There is no business as usual today and with that reality we all are faced with new challenges and opportunities on the road ahead to recovery. There are many uncertainties still, but what is certain is that whether we’re in times of prosperity or times of crisis, your Chamber is leading the way, making sure we emerge stronger, together. We’re here to help you.
Instilling Hope, Inspiration and Togetherness
Now we reset and start thinking about the recovery process. We begin this recovery period before the crisis is over by focusing on how to prepare to face the obstacles before us. Being prepared is oftentimes the best line of defense. That’s where your Chamber comes in. Step one is preparing our member businesses to get back to work safely and approach it all with a positive attitude that instills hope, inspiration and togetherness in the community.
This is a time of renewed commitment for all of us. Remember, our economy was strong heading into the pandemic, and we are well-positioned to bounce back. We have weathered many storms before, and are confident that our hard work, collaboration, and entrepreneurial spirit in Northwest Arkansas will guide us through these rough seas and into a brighter future.
Politically, our elected officials, mayors and city councils are on the front lines and we hear directly from them almost daily. Your engagement with us has never been as important as right now so that we can share major concerns directly with our senators and congressmen, and organizations that can help us.
Connect with us. The Chamber Voice of Business communications channels include the online monthly newsletter, Blog, Podcast and Video platform. These are your trusted sources for essential information and news during the Recovery Period and beyond. Be sure you have opted-in to receive the Chamber’s Monday Memo and Thursday Calendar at a Glance eNews mailed each week to keep you updated. It’s all about empowering you, our small business owners. This is how we will continue to get meaningful opportunities on the table for companies of all sizes and push forward to rebuilding.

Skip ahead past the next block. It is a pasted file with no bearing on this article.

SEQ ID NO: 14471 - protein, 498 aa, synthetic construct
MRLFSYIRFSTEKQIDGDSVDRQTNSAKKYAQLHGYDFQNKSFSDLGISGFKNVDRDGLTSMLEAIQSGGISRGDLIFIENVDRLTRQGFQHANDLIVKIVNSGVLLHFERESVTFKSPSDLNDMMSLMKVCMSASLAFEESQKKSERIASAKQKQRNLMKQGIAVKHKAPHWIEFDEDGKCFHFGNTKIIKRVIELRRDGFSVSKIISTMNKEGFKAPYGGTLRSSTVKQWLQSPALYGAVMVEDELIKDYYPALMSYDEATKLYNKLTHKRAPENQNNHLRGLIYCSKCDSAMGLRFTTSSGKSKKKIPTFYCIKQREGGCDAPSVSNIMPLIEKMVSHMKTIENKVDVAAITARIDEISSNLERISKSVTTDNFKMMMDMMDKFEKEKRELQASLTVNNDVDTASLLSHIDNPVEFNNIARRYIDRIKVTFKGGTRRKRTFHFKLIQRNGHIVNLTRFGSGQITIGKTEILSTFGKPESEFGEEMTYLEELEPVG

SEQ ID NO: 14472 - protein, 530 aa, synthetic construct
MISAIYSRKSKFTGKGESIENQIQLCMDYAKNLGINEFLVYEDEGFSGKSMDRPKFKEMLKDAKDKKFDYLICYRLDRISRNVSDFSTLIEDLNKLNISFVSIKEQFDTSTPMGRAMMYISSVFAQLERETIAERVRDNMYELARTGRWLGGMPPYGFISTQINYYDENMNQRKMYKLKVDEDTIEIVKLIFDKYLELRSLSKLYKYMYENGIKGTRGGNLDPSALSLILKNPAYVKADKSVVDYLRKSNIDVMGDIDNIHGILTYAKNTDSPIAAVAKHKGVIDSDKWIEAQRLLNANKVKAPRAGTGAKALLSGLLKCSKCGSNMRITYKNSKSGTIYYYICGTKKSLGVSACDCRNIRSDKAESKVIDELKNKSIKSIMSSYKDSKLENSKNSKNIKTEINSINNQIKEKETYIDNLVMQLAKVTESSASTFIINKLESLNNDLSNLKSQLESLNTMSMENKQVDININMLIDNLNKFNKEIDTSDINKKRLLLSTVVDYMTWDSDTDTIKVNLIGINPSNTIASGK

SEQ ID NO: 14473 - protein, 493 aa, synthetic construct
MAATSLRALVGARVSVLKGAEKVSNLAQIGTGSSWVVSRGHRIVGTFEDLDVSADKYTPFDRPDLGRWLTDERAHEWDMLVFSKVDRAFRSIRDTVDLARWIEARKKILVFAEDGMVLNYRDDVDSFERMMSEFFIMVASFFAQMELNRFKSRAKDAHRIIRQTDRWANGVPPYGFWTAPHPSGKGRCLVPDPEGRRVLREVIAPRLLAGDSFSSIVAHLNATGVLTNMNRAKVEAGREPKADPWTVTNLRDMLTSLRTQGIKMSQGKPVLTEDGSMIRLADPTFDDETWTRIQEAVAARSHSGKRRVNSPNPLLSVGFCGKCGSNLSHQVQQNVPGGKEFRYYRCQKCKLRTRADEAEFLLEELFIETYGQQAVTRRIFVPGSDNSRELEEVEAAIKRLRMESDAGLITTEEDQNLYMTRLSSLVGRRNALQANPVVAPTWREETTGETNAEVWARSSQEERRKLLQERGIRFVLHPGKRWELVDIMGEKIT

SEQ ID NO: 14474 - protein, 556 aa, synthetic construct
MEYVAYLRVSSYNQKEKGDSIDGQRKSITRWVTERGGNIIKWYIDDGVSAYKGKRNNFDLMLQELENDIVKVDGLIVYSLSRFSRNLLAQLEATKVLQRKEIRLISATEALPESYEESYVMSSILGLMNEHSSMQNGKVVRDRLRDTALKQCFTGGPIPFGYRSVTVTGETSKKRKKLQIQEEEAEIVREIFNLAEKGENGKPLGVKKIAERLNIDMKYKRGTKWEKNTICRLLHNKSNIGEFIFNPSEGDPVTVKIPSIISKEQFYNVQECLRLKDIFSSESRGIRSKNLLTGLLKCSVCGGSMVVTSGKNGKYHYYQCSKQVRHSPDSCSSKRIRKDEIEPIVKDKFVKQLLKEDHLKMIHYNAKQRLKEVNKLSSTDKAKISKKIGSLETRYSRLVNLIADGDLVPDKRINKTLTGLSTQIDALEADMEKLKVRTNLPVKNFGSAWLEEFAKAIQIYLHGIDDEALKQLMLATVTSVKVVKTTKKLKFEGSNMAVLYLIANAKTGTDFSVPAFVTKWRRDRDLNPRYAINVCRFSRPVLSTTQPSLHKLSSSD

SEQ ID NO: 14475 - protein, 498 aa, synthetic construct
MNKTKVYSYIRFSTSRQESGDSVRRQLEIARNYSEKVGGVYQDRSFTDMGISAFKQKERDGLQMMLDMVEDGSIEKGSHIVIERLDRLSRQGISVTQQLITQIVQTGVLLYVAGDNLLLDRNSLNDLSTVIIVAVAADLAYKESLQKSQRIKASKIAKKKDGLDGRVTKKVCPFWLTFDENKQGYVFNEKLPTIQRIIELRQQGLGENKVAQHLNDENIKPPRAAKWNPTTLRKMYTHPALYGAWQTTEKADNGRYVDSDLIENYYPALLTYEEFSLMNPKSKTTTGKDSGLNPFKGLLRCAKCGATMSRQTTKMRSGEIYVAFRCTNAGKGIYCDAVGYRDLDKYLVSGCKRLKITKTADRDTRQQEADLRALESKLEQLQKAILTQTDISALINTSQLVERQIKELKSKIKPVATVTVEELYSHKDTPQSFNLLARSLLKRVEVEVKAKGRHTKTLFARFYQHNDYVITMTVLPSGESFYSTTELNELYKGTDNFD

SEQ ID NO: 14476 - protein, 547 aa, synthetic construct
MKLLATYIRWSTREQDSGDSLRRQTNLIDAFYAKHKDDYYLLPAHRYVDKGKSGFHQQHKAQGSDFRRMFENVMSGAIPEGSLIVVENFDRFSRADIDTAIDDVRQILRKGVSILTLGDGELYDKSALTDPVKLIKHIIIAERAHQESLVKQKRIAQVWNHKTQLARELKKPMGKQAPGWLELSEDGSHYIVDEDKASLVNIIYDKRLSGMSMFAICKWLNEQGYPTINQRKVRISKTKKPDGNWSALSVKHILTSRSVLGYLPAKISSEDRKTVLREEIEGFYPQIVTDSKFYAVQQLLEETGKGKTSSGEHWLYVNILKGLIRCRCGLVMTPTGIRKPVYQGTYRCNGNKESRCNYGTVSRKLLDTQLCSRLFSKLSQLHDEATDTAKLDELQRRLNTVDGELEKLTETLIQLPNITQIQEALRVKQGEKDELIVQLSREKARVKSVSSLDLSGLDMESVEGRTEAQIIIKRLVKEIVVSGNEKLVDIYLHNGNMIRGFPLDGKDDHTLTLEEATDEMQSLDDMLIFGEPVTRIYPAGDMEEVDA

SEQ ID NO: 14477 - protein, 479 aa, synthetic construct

There are businesses out there right now that have gone through the entirety of this crisis while continuously having staff working safely at the workplace and successfully surviving. A common thread among these businesses has been making staff and customers feel safe. They have been noticeably disciplined with social distancing, sanitizing, wearing masks when appropriate and honoring a “don’t show up sick” policy. It all begins with your safety for employees and it carries through to the customer.
Practicing the Six Workplace Readiness Essentials
In this next phase of the recovery process, a handful of primary focus areas will be applicable to nearly every real estate owner and occupier across the globe. From big organizations to small ones, from those with one location to those with hundreds—each in their own way will be focused on the following Workplace Readiness Essentials:
Lifting COVID-19 Restrictions in Arkansas | Dine-In Operations Resume May 11
Arkansas Governor Asa Hutchinson announced in late April the first phase of lifting COVID-19 restrictions by resuming dine-in operations for restaurants. This is the first phase of a three-phase plan. If coronavirus cases remain under the expected trend, the allowed occupancy rate will be lifted from 33 percent in Phase I to 67 percent in Phase II. Phase III would be a return to pre-pandemic operations. Aside from limited occupancy in Phase I, restaurants will be required or encouraged to do the following: physically distance patrons and tables from each other; take reservations; have staff and patrons wear face coverings during the ordering process; have staff wear gloves and screen them daily; not serve groups of 10 or more people; offer pre-ordering when possible; host a senior hour; ban self-service; not allow congregation in bars and live entertainment; and clean and sanitize tables between patrons.
Communicating with Employees
Develop a plan now for when workers can get back to work in full operation mode and communicate this planning to all associates. It should be focused on mission critical projects. Business leaders will need to re-evaluate processes and their supporting systems for scalability. Operations will need to continue complying with the lingering requirements when headcounts are reduced, while it begins to ramp up the business operations as stores re-open. Distribution centers and warehouses will be recovering from overload and burnout as they recover from the excessive demand during the pandemic. Lastly, HR will be left with a talent gap that will eventually need to be filled – how this is communicated will need to be handled with sensitivity.
Faced with common challenges, owners and occupiers have a unique opportunity to come together in the true spirit of collaboration. We are already seeing it play out, and we believe there is no better path to successfully manage the complexity of the road that lies ahead.